By Rick Barker


It is my contention that when it comes to theological authority, the idea that this authority can be fallible is oxymoronic, whether we are talking about the Bible, the Early Church Fathers, church councils, Papal edicts, confessions, creeds, or prophet writings. In other words, if we call a source “authoritative”, it must be true. If, on the other hand, a statement may or may not be true, can we truly call that statement “authoritative”?

If we conclude that an authoritative document may contain errors, we have immediately called into question whether the content of the document is authoritative at all. For instance, if we conclude that the Bible may have errors, which parts are in error? Can we be sure that any passage that we are currently reading is completely true, or must we now decide whether each passage is true or in error? What, then, is the basis for this decision? Do we look to a specific church to tell us what is truth and what is error inside the Bible? Do we turn to a Pope, a prophet, a pastor, or even to ourselves to pick and choose which aspects are true and which are not?

Once we conclude that a statement in Scripture may be in error, then we no longer have to conform our theology or our actions to scriptural statements. If the idea of having an orderly worship doesn’t fit your plans, for example, that’s OK; Paul was writing errors when he instructed the Corinthians in having orderly worship services.

In other words, as soon as we conclude that there are errors within Scripture, we take the authority away from Scripture and place it in something else—and usually that something is ourselves.

This same problem of authoritativeness and errors exists for all writings. Some people try to have an authoritative Bible that is without errors and an authoritative set of writings for their denomination that may have errors. Who decides which part of the denominational writings are accurate and which part are errors? And functionally, doesn’t this view of the denominational writings demote the statements to an individual’s whims?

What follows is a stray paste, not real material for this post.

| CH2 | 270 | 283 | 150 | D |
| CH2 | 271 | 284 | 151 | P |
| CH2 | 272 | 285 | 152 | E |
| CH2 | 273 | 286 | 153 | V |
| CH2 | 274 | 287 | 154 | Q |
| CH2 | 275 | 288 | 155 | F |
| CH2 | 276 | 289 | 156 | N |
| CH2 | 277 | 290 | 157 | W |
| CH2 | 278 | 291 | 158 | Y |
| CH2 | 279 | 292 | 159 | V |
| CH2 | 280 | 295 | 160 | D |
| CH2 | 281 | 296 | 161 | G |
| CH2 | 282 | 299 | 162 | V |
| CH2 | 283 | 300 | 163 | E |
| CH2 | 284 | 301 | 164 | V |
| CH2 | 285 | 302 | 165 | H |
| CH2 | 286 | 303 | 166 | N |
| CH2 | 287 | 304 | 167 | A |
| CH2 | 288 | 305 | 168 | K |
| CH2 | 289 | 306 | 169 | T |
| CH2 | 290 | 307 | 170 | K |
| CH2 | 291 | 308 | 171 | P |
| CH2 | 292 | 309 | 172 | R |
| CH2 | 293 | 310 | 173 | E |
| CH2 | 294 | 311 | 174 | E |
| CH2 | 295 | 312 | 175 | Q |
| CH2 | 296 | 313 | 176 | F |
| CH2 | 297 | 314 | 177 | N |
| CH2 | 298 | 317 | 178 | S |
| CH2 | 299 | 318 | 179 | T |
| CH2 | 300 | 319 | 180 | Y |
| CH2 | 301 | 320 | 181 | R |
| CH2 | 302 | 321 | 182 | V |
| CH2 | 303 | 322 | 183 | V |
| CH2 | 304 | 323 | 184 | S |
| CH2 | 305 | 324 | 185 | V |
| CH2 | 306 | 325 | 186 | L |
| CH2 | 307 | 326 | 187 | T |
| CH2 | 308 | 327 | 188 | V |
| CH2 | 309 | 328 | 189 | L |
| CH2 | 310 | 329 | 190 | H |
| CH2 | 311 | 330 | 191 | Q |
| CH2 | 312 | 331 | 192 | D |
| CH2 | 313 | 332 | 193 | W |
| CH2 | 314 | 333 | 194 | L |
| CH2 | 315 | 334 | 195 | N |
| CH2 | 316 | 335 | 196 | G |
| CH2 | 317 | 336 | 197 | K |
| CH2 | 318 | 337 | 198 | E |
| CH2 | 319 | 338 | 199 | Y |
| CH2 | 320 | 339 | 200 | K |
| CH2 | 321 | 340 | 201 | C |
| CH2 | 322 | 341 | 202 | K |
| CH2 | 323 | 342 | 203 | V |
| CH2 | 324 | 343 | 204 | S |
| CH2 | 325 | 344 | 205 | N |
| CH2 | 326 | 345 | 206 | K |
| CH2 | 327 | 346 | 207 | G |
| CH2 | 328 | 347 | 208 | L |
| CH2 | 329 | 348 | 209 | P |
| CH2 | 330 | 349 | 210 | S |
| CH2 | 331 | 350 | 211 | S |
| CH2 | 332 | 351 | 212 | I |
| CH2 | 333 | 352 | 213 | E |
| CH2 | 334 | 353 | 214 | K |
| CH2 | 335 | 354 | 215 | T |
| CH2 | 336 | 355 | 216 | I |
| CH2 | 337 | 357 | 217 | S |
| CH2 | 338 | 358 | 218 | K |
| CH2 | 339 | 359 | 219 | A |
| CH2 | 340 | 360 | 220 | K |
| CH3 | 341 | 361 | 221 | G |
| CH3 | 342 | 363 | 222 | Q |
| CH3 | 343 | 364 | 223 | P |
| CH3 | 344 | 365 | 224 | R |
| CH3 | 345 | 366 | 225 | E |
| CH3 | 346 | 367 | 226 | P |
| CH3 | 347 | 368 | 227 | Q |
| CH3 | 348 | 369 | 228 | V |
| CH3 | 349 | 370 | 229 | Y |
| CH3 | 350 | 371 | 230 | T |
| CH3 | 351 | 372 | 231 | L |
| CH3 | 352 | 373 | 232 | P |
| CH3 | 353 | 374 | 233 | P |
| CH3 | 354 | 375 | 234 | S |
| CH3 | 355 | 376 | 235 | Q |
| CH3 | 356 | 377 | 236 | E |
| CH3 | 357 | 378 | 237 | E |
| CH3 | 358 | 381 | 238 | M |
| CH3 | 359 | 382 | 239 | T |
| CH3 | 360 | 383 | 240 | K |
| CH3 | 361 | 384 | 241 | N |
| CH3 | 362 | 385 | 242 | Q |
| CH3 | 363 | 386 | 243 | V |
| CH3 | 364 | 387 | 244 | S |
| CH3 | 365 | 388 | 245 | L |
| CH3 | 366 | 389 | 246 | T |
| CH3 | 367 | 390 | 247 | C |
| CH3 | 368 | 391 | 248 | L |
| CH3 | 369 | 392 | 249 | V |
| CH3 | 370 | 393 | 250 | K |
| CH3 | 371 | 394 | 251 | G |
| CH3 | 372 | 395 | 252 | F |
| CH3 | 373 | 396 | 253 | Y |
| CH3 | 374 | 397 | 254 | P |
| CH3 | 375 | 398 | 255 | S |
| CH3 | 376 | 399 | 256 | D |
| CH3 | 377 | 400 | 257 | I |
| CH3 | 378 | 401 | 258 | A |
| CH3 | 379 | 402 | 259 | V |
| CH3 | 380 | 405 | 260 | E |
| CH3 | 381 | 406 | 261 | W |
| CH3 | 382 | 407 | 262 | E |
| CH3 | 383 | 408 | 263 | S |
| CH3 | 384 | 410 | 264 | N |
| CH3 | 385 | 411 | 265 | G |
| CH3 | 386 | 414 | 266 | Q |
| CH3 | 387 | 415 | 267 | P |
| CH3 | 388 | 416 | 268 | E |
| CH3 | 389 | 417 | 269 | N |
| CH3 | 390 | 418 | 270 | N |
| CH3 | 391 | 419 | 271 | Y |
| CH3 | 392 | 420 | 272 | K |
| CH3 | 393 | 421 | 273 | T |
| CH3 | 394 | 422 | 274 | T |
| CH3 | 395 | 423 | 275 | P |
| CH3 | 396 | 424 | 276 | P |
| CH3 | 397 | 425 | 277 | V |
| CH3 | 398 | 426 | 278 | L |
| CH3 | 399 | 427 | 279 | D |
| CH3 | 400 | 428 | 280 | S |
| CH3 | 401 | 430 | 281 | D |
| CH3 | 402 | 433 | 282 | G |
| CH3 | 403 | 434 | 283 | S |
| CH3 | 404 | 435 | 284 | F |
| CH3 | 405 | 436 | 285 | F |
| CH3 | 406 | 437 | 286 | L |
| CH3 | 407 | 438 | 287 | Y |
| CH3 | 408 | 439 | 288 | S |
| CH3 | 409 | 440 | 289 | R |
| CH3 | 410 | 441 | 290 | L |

Views of authority

There are several different views of scriptural authority.  The first is sola Scriptura. This is the belief that Scripture is the only authority on spiritual/doctrinal matters. This view is traced to the Reformation and followed by most conservative Protestants to this day. There may be other valuable sources and people who went before us who were careful students. But these works do not hold any authority. In order for something to be considered “in agreement” with Scripture, the document’s teaching would have to be found in, or directly derived from, Scripture.

The second view of Scriptural authority, prima Scriptura, is slightly different, although it is commonly confused with sola Scriptura. Prima Scriptura teaches that Scripture is the final or primary authority on Spiritual/doctrinal matters. This belief does not preclude other authorities such as confessions, traditions, Popes, or prophets. In fact, this  belief is the historical view of the Roman Catholic and Eastern Orthodox churches. It is also adopted, at least informally, by certain Charismatic churches in how they view modern prophets. Within this framework, in order for something to be considered “in agreement” with Scripture, the concept must simply not be directly contradicted by Scripture. It does not require that the teaching originate in Scripture.